International Journal of Infertility & Fetal Medicine

Register      Login

VOLUME 7 , ISSUE 3 ( September-December, 2016 ) > List of Articles

RESEARCH ARTICLE

Diet and Women Fertility: A Descriptive Cross-sectional Study

Ruaa E Alabd, Kefah H Abdulmajeed, Hayder G Oufi

Citation Information : Alabd RE, Abdulmajeed KH, Oufi HG. Diet and Women Fertility: A Descriptive Cross-sectional Study. Int J Infertil Fetal Med 2016; 7 (3):82-88.

DOI: 10.5005/jp-journals-10016-1134

License: CC BY-NC 4.0

Published Online: 01-12-2016

Copyright Statement:  Copyright © 2016; Jaypee Brothers Medical Publishers (P) Ltd.


Abstract

Aims

This work was designed to assess the role of diet and dietary habits on women fertility.

Materials and methods

This study was carried out in seven different centers and hospitals in Baghdad in the period between January and September 2014. Participants were 400 adult women selected conveniently; their age ranged from 17 to 47 years and they were divided into two groups. Group I included 300 fertile women and group II included 100 infertile women. A specific questionnaire had been designed and used for data collection

Results

It was found that there was a significant difference in weight and body mass index (BMI) between the infertile group and control group. The mean of weights was 73.07 vs 69.06 kg for infertile and the control group respectively, while the mean BMI was 28.83 vs 26.70 for the infertile group and the control group respectively. Moreover, the infertile women consumed more of carbonated beverages, tea, chicken, and fish than the control group, while they consumed less milk and red meat than the control group. Also, the infertile group consumed less corn oil and olive oil than the control group (5 and 0% vs 21 and 2%) respectively, while they used to consume more solid fat and combined fat than the control group (2 and 6% vs 0 and 2.7%) respectively.

Conclusion

Although treatment options for infertility are available, their high cost and frequency of adverse events have motivated the identification of dietary factors related to infertility. The current study identified diet as one of the modifiable risk factors that potentially impacts fertility in the selected groups; hence, it is important to focus more on the role of diet in women fertility and increase the awareness of women to it, along with suggesting more educational programs at the primary health care level.

How to cite this article

Alabd RE, Abdulmajeed KH, Oufi HG. Diet and Women Fertility: A Descriptive Cross-sectional Study. Int J Infertil Fetal Med 2016;7(3):82-88.


PDF Share
  1. Infertility and the provision of infertility medical services in developing countries. Hum Reprod Update 2008 Nov-Dec;14(6):605-621.
  2. Definition and prevalence of subfertility and infertility. Hum Reprod 2005 May;20(5):1144-1147.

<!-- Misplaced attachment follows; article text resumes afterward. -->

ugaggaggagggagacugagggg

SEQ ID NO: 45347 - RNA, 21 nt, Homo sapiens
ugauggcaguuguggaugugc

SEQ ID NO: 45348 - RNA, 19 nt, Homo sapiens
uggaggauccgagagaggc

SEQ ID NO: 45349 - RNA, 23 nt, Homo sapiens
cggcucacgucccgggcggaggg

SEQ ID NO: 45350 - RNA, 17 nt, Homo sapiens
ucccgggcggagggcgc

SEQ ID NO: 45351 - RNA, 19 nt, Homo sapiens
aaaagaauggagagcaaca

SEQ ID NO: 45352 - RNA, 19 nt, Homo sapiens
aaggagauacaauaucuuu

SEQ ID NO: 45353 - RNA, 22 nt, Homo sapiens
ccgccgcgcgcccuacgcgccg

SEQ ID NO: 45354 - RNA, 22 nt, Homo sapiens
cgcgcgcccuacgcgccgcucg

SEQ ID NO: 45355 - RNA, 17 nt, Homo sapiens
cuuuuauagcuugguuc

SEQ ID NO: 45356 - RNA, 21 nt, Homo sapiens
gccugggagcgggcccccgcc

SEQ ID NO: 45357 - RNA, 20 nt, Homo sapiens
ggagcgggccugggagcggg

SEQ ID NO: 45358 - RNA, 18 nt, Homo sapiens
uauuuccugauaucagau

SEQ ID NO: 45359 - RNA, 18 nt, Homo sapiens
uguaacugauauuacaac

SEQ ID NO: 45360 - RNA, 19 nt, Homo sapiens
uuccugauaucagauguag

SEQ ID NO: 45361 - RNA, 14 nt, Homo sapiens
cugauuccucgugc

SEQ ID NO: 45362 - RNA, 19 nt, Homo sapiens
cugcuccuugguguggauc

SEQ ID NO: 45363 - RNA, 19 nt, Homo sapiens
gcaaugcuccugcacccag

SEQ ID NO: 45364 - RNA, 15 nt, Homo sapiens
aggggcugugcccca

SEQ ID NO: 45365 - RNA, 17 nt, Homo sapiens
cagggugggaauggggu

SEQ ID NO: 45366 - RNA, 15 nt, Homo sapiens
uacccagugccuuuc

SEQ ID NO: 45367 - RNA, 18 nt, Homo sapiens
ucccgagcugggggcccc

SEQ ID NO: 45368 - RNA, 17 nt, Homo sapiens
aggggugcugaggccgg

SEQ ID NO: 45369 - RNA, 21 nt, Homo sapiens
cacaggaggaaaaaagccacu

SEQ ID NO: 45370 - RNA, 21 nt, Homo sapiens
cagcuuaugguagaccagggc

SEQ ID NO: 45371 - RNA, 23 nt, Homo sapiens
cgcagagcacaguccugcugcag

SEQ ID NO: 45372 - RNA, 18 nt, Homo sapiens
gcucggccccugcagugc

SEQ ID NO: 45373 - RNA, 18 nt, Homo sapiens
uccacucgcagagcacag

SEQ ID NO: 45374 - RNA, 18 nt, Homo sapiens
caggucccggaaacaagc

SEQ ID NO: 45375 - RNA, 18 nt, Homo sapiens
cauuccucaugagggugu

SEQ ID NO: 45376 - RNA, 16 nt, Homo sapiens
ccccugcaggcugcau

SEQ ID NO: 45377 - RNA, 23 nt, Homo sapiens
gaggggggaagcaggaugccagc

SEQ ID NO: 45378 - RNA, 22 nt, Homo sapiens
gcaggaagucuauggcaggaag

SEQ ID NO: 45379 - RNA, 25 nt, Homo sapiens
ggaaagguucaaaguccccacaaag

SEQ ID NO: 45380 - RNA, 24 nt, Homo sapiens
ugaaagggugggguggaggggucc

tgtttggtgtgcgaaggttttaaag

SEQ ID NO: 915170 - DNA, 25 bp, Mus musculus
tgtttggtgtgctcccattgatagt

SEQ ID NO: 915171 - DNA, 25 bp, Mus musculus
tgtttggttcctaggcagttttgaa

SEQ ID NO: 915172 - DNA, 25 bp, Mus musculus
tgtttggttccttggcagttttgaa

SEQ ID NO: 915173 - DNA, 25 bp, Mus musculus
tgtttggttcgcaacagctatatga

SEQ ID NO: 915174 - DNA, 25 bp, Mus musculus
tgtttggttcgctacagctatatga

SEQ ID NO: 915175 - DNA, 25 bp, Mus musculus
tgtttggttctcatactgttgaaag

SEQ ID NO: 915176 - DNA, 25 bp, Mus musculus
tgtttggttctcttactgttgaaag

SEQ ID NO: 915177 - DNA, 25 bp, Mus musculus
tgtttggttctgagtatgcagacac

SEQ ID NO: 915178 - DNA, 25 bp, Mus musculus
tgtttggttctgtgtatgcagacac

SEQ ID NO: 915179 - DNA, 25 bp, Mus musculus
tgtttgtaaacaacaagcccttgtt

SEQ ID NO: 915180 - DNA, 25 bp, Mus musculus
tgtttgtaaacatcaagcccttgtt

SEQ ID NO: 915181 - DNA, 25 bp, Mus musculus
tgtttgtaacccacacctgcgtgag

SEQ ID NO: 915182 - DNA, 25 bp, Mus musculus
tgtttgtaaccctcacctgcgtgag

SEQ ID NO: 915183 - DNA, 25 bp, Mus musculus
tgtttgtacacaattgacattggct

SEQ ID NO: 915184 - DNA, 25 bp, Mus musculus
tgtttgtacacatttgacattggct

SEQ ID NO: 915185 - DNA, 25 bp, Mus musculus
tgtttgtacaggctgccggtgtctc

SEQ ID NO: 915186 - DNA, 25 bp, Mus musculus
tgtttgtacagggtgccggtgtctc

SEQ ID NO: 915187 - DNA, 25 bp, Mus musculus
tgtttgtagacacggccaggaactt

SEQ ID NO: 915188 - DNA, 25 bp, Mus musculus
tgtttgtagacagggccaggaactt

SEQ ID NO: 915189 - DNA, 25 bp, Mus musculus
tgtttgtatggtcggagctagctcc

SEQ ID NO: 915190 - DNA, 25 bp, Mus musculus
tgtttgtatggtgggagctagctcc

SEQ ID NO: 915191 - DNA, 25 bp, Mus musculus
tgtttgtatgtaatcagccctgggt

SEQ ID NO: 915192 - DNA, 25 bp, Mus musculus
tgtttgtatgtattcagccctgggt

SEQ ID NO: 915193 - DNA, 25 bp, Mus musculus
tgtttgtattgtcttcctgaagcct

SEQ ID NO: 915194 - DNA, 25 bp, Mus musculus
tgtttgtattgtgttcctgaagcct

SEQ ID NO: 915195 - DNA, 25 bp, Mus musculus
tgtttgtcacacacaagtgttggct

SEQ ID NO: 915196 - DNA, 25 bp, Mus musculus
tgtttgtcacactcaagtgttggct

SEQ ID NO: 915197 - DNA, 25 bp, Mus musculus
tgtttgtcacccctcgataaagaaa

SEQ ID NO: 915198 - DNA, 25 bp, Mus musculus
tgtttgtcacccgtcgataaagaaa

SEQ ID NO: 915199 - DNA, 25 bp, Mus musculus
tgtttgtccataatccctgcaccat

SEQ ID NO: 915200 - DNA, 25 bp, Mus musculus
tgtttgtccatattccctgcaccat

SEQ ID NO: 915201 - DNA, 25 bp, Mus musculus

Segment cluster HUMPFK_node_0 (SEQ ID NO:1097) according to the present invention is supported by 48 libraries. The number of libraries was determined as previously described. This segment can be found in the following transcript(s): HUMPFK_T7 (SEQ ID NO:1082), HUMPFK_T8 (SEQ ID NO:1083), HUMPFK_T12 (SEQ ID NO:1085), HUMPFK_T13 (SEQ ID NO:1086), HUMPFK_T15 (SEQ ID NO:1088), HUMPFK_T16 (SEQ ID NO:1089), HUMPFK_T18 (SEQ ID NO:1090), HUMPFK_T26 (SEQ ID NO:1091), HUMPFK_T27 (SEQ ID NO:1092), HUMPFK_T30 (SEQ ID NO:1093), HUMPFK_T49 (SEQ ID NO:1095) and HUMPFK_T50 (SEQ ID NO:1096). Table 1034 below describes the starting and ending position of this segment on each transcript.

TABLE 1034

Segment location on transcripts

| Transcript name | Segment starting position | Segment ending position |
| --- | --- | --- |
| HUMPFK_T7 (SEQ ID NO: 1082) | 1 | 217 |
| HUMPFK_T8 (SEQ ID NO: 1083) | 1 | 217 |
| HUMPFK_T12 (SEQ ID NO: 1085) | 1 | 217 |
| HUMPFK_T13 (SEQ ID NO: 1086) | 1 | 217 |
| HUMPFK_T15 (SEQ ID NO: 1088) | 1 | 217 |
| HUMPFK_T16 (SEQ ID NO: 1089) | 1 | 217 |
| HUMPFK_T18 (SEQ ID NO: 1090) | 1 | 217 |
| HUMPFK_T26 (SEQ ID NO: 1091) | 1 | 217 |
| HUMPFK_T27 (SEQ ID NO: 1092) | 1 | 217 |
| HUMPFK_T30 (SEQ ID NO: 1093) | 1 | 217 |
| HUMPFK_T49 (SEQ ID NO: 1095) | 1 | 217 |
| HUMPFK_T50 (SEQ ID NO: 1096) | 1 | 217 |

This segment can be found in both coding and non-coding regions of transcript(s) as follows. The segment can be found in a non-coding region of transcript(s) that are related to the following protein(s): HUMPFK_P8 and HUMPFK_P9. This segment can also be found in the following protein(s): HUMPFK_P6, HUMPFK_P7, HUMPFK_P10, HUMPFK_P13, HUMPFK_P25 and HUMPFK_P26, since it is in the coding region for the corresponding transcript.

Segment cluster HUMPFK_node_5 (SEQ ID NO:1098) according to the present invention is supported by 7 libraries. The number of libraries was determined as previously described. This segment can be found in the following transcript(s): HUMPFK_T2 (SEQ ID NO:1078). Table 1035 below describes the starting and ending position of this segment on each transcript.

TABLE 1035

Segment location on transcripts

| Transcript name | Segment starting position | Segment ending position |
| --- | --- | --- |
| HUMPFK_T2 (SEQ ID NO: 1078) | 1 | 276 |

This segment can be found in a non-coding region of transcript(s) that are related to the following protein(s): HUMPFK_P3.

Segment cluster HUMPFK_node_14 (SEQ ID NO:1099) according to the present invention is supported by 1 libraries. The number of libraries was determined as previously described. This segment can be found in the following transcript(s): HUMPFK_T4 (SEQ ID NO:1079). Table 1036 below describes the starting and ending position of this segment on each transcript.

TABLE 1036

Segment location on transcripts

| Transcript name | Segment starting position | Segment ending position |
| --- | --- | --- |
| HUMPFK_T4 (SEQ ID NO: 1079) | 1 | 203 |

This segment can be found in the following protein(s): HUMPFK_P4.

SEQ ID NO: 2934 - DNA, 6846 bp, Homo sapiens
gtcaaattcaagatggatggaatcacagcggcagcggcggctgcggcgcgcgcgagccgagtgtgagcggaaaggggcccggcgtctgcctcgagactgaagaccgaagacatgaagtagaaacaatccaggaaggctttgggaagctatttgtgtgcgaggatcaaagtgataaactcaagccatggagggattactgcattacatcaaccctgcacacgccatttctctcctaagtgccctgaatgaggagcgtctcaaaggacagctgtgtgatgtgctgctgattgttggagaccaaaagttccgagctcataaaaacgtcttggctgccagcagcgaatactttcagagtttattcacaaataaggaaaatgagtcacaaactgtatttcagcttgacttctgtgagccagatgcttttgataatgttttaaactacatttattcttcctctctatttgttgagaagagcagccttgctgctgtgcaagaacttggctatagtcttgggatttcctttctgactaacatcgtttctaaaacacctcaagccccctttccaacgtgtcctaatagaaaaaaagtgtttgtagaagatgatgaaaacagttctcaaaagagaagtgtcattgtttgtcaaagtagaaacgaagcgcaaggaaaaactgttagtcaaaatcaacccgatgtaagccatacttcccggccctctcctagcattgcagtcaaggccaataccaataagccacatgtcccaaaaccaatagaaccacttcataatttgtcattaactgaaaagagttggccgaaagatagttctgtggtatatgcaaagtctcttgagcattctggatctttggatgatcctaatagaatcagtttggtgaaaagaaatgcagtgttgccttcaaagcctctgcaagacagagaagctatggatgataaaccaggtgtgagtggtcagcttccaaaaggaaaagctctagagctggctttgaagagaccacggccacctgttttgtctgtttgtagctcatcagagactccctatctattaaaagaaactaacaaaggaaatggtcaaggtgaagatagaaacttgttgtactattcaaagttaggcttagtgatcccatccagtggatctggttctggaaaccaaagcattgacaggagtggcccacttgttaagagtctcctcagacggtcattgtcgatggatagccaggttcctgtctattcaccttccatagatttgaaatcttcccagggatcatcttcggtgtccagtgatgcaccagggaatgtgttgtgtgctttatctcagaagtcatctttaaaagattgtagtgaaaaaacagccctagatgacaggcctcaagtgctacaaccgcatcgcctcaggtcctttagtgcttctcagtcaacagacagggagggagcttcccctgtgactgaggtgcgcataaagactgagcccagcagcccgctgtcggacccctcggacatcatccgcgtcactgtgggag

3. Infertility: a global perspective. Minerva Ginecol 2006 Dec;58(6):445-457.
  4. The impact of lifestyle risk factors on female infertility. Women Health 2006;44(4):1-23.
  5. International estimates of infertility prevalence and treatment-seeking: potential need and demand for infertility medical care. Hum Reprod 2007 Jun;22(6):1506-1512.
  6. Use of various contraceptive methods and time of conception in a community-based population. Eur J Obstet Gynecol Reprod Biol 2005 Nov;123(1):72-76.
  7. Available from: http://www.who.int/chp/steps/IraqSTEPSReport2006.pdf.
  8. Medical and socio-cultural aspects of infertility in the Middle East. Hum Reprod 2008 Jul;2008(1):34-41.
  9. The economic impact of the assisted reproductive technologies. Nat Cell Biol 2002 Oct;4 Suppl:s29-s32.
  10. Outcomes from assisted reproductive technology. Obstet Gynecol 2006 Jan;107(1):183-200.
  11. Physical activity, body mass index, and ovulatory disorder infertility. Epidemiology 2002 Mar;13(2):184-190.
  12. Dietary fatty acid intakes and the risk of ovulatory infertility. Am J Clin Nutr 2007 Jan;85(1):231-237.
  13. Protein intake and ovulatory infertility. Am J Obstet Gynecol 2008 Feb;198(2):210.e1-210.e7.
  14. A prospective study of dairy foods intake and anovulatory infertility. Hum Reprod 2007 May;22(5):1340-1347.
  15. Iron intake and risk of ovulatory infertility. Obstet Gynecol 2006 Nov;108(5):1145-1152.
  16. Use of multivitamins, intake of B vitamins, and risk of ovulatory infertility. Fertil Steril 2008 Mar;89(3):668-676.
  17. The impact of lifestyle factors on reproductive performance in the general population and those undergoing infertility treatment: a review. Hum Reprod Update 2007 May-Jun;13(3):209-223.
  18. Summary report. Rome: Food and Agriculture Organization of the United Nations; 2002.
  19. ; Piwoz, E. Nutrition and tuberculosis: a review of the literature and considerations for TB control programs. USAID/Africa's Health for 2010. Washington DC: Agency for International Development; 2008; [cited2014 Apr 3]. Available from: http://pdf.usaid.gov/pdf_docs/PNADL992.pdf.
  20. The influence of nutrition on the risk and outcomes of tuberculosis. In: HIV/AIDS, TB, and nutrition: scientific inquiry into the nutritional influences on human immunity with special reference to HIV infection and active TB in South Africa. Pretoria 2007;15372; [cited 2014 Mar 10]. Available from: http://www.nationalacademies.org/asadi/PDFs/HIVAIDSTB&Nutrition.pdf.